Moderator Patrick Illinger interviewed Dr. Thorsten Klose, Prof. Annegret Thieken, and Prof. Peter Höppe.
Students from the University of Applied Sciences listened carefully.

Save the world: are we prepared?

Dialogue forum on 21 May 2015 at the Munich University of Applied Sciences

In recent decades natural disasters have increased both in frequency and intensity, losses are reaching vast proportions. Climate change is one driving factor. Therefore, it is even more important that people prepare themselves against disasters. Possible approaches were discussed during the dialogue forum at the University of Munich by Prof. Annegret Thieken from the University of Potsdam, Dr. Thorsten Klose from the German Red Cross, and Prof. Peter Höppe from Munich Re.

The trend is unmistakable: "Since 1980, the annual number of natural disasters has tripled from approximately 350 to 1000," explained Peter Höppe, drawing on information from the database built up during recent decades by Munich Re. It shows that of the more than 35,000 recorded loss events worldwide, weather-related disasters such as storms, floods and extreme temperatures in particular are on the rise. There are many strong indications that humanity is accelerating this development through the increasing emission of greenhouse gases such as CO2. "We are now experiencing the warmest period since the beginning of temperature records," warned Höppe. Following the record year of 2014, the first months of 2015 were again exceptionally warm, prompting the Head of Geo Risks Research at Munich Re to add: "I would go as far as to bet that 2015 will even be hotter than last year."

Flow of climate refugees continues to grow
He hopes that this development will spur on negotiations at the UN Climate Conference in Paris at the end of the year. The consequences of global warming are dramatic. More frequent and more extreme weather events will increase the losses and their variability, the number of fatalities will continue to rise. Climate change and increased migration from the disaster areas will ultimately also become a security issue.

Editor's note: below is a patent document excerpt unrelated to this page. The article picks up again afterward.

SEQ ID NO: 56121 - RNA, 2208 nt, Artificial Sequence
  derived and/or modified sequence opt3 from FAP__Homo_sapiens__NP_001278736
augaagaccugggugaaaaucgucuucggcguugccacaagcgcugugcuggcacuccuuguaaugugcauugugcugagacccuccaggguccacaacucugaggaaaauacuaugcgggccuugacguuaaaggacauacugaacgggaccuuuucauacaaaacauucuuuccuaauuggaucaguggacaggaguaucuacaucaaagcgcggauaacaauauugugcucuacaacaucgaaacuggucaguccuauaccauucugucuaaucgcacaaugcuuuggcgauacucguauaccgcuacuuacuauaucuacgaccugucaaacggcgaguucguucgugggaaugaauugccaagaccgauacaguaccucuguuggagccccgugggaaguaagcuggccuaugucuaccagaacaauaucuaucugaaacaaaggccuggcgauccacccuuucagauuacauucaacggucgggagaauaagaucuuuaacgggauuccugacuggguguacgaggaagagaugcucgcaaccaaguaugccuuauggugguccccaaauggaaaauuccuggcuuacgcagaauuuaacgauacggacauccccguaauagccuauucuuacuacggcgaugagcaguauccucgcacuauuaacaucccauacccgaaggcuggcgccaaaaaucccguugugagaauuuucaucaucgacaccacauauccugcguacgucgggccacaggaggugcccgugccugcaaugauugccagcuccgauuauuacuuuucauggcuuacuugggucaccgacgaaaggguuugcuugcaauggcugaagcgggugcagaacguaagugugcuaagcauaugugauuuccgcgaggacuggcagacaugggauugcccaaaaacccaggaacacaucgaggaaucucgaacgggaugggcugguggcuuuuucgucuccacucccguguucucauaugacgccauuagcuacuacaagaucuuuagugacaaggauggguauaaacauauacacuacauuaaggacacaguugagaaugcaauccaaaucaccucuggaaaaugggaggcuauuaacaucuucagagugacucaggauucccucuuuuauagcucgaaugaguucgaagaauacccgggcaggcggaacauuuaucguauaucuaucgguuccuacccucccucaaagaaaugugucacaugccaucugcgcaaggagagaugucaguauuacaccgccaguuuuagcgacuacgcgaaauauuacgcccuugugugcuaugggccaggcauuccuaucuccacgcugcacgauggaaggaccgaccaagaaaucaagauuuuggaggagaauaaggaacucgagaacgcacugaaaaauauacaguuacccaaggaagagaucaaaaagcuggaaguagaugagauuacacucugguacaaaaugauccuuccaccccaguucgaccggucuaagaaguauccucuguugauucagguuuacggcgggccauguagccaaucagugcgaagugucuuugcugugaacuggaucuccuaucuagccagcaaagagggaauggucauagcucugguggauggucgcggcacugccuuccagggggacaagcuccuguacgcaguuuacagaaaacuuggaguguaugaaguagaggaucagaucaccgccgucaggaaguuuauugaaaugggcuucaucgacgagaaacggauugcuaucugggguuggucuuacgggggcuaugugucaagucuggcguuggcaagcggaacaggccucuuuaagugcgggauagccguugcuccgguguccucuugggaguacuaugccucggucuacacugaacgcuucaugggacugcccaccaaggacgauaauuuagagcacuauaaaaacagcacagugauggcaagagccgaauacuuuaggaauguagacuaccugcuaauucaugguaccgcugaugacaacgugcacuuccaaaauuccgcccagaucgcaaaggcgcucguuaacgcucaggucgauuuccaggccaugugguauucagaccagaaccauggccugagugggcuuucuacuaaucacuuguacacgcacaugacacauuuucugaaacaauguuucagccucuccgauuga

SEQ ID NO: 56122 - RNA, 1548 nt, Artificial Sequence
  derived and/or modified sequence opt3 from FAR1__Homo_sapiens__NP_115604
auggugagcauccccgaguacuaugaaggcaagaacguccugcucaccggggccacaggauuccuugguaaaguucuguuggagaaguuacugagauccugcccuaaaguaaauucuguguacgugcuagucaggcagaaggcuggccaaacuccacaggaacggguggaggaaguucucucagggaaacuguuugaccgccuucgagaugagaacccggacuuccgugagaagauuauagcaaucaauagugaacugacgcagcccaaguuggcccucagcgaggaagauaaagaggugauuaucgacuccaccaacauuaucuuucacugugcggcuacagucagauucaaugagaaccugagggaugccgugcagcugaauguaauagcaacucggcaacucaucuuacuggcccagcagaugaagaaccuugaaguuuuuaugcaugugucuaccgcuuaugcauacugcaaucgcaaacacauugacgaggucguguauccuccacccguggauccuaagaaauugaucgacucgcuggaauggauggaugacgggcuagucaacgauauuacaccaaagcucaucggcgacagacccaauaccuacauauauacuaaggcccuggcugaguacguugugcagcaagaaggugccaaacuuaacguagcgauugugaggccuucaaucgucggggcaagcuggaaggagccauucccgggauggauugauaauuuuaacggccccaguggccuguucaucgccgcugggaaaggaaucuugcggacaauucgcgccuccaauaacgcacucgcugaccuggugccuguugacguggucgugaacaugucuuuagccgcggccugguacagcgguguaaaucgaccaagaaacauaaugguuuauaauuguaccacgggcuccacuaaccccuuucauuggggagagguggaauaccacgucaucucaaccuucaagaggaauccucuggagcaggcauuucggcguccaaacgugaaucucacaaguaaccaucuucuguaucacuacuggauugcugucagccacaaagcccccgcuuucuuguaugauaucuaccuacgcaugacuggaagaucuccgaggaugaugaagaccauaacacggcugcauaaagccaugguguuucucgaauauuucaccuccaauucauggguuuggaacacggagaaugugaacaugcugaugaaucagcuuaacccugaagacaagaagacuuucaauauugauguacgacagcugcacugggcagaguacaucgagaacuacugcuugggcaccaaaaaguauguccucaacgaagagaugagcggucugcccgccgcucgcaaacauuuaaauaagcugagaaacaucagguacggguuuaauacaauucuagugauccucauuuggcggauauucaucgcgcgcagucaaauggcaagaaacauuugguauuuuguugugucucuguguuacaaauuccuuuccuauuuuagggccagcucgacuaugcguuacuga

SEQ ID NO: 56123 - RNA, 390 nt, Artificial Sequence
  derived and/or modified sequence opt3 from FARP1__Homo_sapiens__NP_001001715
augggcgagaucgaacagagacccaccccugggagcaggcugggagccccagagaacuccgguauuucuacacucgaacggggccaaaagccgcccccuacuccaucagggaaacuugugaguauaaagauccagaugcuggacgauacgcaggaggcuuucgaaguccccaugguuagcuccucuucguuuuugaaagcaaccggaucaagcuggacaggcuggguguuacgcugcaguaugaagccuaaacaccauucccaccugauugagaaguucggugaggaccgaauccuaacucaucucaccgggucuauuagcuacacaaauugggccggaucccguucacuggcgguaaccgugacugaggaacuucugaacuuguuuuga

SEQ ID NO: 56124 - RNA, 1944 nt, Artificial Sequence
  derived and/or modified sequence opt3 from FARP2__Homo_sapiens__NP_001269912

This is a challenge which the German Red Cross also will have to face. Today the organisation is already managing roughly 280 projects in 45 countries, ranging from emergency relief measures to reconstruction and long-term development aid cooperation. "Our focus is on disaster preparedness, precisely because natural disasters are increasing," explained Klose, who works in the General Secretariat of the DRC as an advisor on disaster preparedness and climate change adaptation. "The main point is to pursue a development-oriented approach and to think about where we actually want to go." It is important to connect government and civil society actors with each other and create the smoothest possible transitions between the different working areas such as health, nutrition, water supply and sanitation. The goal is to strengthen the resilience of local populations.

Using early warnings consistently
As a national aid organisation, the Red Cross inherits a special role as it is obliged to assist the authorities in the field of humanitarian activities when they have reached the limits of their own capacities. Klose considers the insufficient utilisation of scientific information on extreme weather events as one major flaw in climate change response. The humanitarian system generally reacts much too slowly and usually only when disaster already has struck. "We need to increase the use of early warning systems, even though there are uncertainties," insisted Klose.